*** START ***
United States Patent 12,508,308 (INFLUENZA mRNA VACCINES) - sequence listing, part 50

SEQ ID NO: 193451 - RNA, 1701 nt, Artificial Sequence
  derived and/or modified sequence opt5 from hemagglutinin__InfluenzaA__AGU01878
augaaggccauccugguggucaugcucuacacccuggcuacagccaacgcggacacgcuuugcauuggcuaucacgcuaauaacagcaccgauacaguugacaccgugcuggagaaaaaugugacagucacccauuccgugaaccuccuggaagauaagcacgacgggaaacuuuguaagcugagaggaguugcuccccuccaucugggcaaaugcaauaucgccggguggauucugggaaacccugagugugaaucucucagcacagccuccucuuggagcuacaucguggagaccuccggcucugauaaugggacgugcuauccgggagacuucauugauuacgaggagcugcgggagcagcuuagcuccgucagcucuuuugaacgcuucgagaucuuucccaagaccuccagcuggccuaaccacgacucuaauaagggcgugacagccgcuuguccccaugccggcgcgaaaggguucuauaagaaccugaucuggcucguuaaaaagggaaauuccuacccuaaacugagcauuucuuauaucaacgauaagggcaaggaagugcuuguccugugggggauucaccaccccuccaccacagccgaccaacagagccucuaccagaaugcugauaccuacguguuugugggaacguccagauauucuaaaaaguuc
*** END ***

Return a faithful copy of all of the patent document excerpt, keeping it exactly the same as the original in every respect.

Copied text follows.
United States Patent 12,508,308 (INFLUENZA mRNA VACCINES) - sequence listing, part 50

SEQ ID NO: 193451 - RNA, 1701 nt, Artificial Sequence
  derived and/or modified sequence opt5 from hemagglutinin__InfluenzaA__AGU01878
augaaggccauccugguggucaugcucuacacccuggcuacagccaacgcggacacgcuuugcauuggcuaucacgcuaauaacagcaccgauacaguugacaccgugcuggagaaaaaugugacagucacccauuccgugaaccuccuggaagauaagcacgacgggaaacuuuguaagcugagaggaguugcuccccuccaucugggcaaaugcaauaucgccggguggauucugggaaacccugagugugaaucucucagcacagccuccucuuggagcuacaucguggagaccuccggcucugauaaugggacgugcuauccgggagacuucauugauuacgaggagcugcgggagcagcuuagcuccgucagcucuuuugaacgcuucgagaucuuucccaagaccuccagcuggccuaaccacgacucuaauaagggcgugacagccgcuuguccccaugccggcgcgaaaggguucuauaagaaccugaucuggcucguuaaaaagggaaauuccuacccuaaacugagcauuucuuauaucaacgauaagggcaaggaagugcuuguccugugggggauucaccaccccuccaccacagccgaccaacagagccucuaccagaaugcugauaccuacguguuugugggaacguccagauauucuaaaaaguuc